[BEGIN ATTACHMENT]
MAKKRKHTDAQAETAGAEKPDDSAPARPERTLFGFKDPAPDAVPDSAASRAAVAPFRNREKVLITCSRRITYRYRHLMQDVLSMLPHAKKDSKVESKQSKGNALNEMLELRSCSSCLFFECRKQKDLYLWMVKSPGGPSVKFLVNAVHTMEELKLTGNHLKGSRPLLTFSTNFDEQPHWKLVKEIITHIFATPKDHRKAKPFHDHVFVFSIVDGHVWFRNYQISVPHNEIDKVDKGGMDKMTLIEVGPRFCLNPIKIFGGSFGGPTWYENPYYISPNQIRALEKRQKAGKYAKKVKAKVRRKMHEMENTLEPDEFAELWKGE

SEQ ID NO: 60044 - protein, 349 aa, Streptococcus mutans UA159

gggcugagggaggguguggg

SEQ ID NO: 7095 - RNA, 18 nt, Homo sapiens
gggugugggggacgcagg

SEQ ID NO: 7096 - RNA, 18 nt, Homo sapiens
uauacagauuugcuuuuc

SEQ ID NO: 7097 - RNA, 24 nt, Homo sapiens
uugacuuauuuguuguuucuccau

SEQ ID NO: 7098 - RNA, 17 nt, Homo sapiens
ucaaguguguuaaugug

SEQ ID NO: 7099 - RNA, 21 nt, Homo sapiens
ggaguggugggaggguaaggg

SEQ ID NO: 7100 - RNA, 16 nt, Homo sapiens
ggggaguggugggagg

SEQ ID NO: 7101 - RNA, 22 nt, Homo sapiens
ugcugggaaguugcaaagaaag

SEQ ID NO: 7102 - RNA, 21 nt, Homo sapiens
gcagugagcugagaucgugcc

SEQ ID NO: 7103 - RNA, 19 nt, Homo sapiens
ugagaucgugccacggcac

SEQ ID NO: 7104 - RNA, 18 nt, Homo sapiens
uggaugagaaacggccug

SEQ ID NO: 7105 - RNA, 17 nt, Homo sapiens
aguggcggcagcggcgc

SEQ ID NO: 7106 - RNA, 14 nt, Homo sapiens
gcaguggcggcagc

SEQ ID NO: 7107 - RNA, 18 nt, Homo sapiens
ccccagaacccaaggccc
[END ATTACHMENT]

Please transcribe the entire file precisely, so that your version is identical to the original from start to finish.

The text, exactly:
MAKKRKHTDAQAETAGAEKPDDSAPARPERTLFGFKDPAPDAVPDSAASRAAVAPFRNREKVLITCSRRITYRYRHLMQDVLSMLPHAKKDSKVESKQSKGNALNEMLELRSCSSCLFFECRKQKDLYLWMVKSPGGPSVKFLVNAVHTMEELKLTGNHLKGSRPLLTFSTNFDEQPHWKLVKEIITHIFATPKDHRKAKPFHDHVFVFSIVDGHVWFRNYQISVPHNEIDKVDKGGMDKMTLIEVGPRFCLNPIKIFGGSFGGPTWYENPYYISPNQIRALEKRQKAGKYAKKVKAKVRRKMHEMENTLEPDEFAELWKGE

SEQ ID NO: 60044 - protein, 349 aa, Streptococcus mutans UA159

gggcugagggaggguguggg

SEQ ID NO: 7095 - RNA, 18 nt, Homo sapiens
gggugugggggacgcagg

SEQ ID NO: 7096 - RNA, 18 nt, Homo sapiens
uauacagauuugcuuuuc

SEQ ID NO: 7097 - RNA, 24 nt, Homo sapiens
uugacuuauuuguuguuucuccau

SEQ ID NO: 7098 - RNA, 17 nt, Homo sapiens
ucaaguguguuaaugug

SEQ ID NO: 7099 - RNA, 21 nt, Homo sapiens
ggaguggugggaggguaaggg

SEQ ID NO: 7100 - RNA, 16 nt, Homo sapiens
ggggaguggugggagg

SEQ ID NO: 7101 - RNA, 22 nt, Homo sapiens
ugcugggaaguugcaaagaaag

SEQ ID NO: 7102 - RNA, 21 nt, Homo sapiens
gcagugagcugagaucgugcc

SEQ ID NO: 7103 - RNA, 19 nt, Homo sapiens
ugagaucgugccacggcac

SEQ ID NO: 7104 - RNA, 18 nt, Homo sapiens
uggaugagaaacggccug

SEQ ID NO: 7105 - RNA, 17 nt, Homo sapiens
aguggcggcagcggcgc

SEQ ID NO: 7106 - RNA, 14 nt, Homo sapiens
gcaguggcggcagc

SEQ ID NO: 7107 - RNA, 18 nt, Homo sapiens
ccccagaacccaaggccc